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If there is rain at the 2019 Kentucky Derby, this 12-1 long shot could win it all

A horse works on a wet track early Friday morning at Churchill Downs. (Charlie Riedel/Associated Press)

The Kentucky Derby has been run over a sloppy or muddy track five times over the last decade, including last year when Justify earned the first jewel of his Triple Crown. That could be the case again Saturday.

Everything you need to know about the 2019 Kentucky Derby

Jason Samenow of The Post’s Capital Weather Gang said Friday that the National Weather Service was projecting 1 to 1½ inches of rain with a slight chance of flooding in the region surrounding Churchill Downs. The majority of that rain is expected midmorning through the evening. Any accumulation would be in addition to the rain from Friday, which forced all but one stakes race on the turf at Churchill Downs to be run on a muddy track.

Rain or shine, Improbable still checks off a lot of boxes. His second-place finish over a muddy track in the Arkansas Derby resulted in a strong Brisnet speed figure of 98 despite jockey Jose Ortiz having to deal with his horse going five wide at the half-mile marker and both his sire and broodmare sire have had success passing down an ability to relish the slop. The progeny of both Improbable’s sire, City Zip, and his broodmare sire, A.P. Indy, have a 19 percent win rate in the mud.

2019 Kentucky Derby horses, post positions, odds, analysis and start time

However, with Omaha Beach scratched due to an entrapped epiglottis interest in Improbable is certain to increase. Churchill Downs odds maker Mike Battaglia even reduced Improbable’s morning-line odds from 6-1 to 5-1 on Wednesday night, giving him and Roadster the shortest odds behind Game Winner.

Analysis: Here is the Bob Baffert horse that will win the Kentucky Derby

Win Win Win (12-1), on the other hand, provides a lot of value in the slop.

His pedigree looks very good on paper. His sire, Hat Trick, is a Group 1-winning miler in Japan and Hong Kong by 1989 Kentucky Derby winner Sunday Silence. His dam’s sire, Smarty Jones, winner of the 2004 Kentucky Derby over a sloppy track, boasts a 17 percent win rate among his offspring on wet tracks. Win Win Win also inherited a lot of speed from these two horses — his dosage index of 4.50 means his lineage passed on 4½ times as much speed than stamina — putting his pedigree in line with past winners both on fast and sloppy tracks.

One reason this dark bay colt gets overlooked despite his ties to past Kentucky Derby winners is his perceived running style. In the Tampa Bay Derby he was four wide and seven lengths behind the leader at the first call and five wide into the stretch, eventually nabbing a third-place finish. In his final prep race, the Blue Grass Stakes at Keeneland, Win Win Win was 11th at the first call (half-mile marker) and 8th at the second call (three-quarter mile mark) before gaining ground in the stretch to finish second by 3½ lengths. But he bumped the gate at the start, was steadied — taken in hand by his jockey, usually because of being in close quarters — near the five-sixteenths pole and pushed into the five path on the far turn.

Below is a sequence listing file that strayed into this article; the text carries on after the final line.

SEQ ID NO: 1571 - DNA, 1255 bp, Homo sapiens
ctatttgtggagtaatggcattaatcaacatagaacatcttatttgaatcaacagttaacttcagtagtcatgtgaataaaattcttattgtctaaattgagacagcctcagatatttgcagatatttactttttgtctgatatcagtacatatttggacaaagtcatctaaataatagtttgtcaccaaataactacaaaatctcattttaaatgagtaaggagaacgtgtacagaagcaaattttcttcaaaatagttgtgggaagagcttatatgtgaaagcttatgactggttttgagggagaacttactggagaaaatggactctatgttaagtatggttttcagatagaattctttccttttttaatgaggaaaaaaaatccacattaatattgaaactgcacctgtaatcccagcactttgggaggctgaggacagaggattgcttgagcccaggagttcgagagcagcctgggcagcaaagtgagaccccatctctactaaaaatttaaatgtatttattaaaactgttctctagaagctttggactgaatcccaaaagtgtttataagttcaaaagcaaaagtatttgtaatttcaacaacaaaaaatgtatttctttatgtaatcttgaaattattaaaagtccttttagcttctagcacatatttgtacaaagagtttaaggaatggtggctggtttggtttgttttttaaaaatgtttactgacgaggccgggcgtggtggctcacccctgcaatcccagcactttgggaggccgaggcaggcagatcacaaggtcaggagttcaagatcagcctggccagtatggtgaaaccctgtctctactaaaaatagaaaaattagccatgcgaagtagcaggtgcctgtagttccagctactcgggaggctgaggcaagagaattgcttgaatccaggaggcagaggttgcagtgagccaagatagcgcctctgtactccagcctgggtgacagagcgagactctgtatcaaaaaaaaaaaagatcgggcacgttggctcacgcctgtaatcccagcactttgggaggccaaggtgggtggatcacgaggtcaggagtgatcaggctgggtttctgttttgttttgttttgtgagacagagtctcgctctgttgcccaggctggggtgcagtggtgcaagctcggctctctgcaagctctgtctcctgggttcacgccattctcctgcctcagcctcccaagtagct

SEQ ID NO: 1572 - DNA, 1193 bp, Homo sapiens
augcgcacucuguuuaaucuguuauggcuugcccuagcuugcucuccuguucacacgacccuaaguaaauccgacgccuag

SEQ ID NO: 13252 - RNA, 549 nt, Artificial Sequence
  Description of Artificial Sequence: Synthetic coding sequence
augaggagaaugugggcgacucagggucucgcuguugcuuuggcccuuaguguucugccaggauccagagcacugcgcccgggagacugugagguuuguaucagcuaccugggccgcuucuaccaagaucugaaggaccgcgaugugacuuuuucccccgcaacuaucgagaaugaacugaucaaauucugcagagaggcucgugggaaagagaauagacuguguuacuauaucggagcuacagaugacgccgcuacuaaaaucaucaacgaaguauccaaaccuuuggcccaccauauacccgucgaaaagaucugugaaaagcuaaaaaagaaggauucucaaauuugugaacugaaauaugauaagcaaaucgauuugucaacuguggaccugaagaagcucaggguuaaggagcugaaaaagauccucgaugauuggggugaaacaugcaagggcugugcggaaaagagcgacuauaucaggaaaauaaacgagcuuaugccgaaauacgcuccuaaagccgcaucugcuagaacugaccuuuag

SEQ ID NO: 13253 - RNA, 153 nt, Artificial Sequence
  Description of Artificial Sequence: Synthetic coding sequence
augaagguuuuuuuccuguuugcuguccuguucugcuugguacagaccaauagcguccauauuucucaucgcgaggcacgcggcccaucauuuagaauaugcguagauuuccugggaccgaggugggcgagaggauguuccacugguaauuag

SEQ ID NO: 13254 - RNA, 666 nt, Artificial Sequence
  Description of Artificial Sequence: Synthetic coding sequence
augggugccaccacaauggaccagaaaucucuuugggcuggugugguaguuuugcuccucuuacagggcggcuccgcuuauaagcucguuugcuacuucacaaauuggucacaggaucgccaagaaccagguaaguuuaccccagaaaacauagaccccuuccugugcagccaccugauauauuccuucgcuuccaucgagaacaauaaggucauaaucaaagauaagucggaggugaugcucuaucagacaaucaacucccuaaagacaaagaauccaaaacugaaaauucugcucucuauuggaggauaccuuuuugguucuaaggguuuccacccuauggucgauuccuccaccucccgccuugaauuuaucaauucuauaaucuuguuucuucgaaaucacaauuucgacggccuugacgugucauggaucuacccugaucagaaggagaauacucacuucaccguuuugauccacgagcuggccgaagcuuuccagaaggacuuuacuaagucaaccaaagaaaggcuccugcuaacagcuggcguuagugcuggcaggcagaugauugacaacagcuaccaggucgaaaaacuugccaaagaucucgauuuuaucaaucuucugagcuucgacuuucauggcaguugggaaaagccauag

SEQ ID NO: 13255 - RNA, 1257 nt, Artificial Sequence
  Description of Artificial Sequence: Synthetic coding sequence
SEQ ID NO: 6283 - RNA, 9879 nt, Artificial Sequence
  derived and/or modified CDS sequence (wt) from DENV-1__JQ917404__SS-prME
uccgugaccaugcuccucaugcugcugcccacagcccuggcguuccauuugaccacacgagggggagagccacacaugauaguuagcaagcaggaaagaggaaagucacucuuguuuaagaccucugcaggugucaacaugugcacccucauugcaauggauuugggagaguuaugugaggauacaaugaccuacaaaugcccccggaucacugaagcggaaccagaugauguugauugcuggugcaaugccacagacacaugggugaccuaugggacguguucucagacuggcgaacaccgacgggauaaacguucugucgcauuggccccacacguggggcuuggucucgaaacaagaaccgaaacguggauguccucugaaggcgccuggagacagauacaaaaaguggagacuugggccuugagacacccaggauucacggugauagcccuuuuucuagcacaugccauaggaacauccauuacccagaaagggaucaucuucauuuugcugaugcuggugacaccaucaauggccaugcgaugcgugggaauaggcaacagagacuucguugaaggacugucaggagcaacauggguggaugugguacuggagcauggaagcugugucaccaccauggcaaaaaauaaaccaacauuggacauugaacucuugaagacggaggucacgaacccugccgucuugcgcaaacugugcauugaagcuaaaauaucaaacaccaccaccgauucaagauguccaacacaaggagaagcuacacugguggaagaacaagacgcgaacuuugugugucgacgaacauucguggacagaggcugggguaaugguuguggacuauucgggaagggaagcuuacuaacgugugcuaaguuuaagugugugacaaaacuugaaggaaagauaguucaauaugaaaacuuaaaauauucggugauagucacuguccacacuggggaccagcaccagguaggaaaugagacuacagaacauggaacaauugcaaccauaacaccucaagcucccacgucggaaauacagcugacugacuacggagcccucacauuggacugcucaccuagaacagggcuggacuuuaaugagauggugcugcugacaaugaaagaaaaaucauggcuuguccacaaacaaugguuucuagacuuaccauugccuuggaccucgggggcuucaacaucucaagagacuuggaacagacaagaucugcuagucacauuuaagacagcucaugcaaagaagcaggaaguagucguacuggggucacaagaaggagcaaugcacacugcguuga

Putting Win Win Win’s troubled trip aside, his performance in the Blue Grass Stakes was impressive. Keeneland is a speed-favoring track, so Win Win Win’s ability to close into a fast pace is notable. Plus, he set a new career pace top (speed figure from the start of the race to the second call) in that outing which typically foreshadows a step forward in a horse’s next race.

Then there is the jockey switch from Eclipse Award winner Irad Ortiz Jr., who led all North American-based riders in wins and mount earnings in 2018, to Julian Pimentel, who will make his first start in the Kentucky Derby. Normally this would be a downgrade but the Maryland-based Pimentel was on board Win Win Win for his first four races (three at Laurel, one at Tampa Bay Downs), resulting in three wins and a second-place finish, including a track and stakes-record in the Pasco Stakes at Tampa Bay Downs, covering seven furlongs in 1:20.89.

He’s a seriously nice horse,” Pimentel told Joe Clancy, editor and publisher of “When he won going seven-eighths at Tampa, the question was always if he could run longer. Now it looks like he can run all day. He has done everything right even though he hasn’t won again. He’s been running at the end. That shows that he’s a nice horse. At Keeneland, you check a horse like that and sometimes they don’t come back. They give up. It’s nobody’s fault, it happens. But he came back.”

In addition, Pimentel has been a lucrative betting opportunity in 2019. If you placed a blind $2 win bet on all 27 of Pimentel’s mounts this year in route races you would have walked away with a net profit of $1.72, a huge return on investment despite not knowing anything else about the race except for which horse Pimentel was aboard.

A misunderstood fast horse with a familiar jockey on board at long odds? Not a bad combination for the first Saturday in May.

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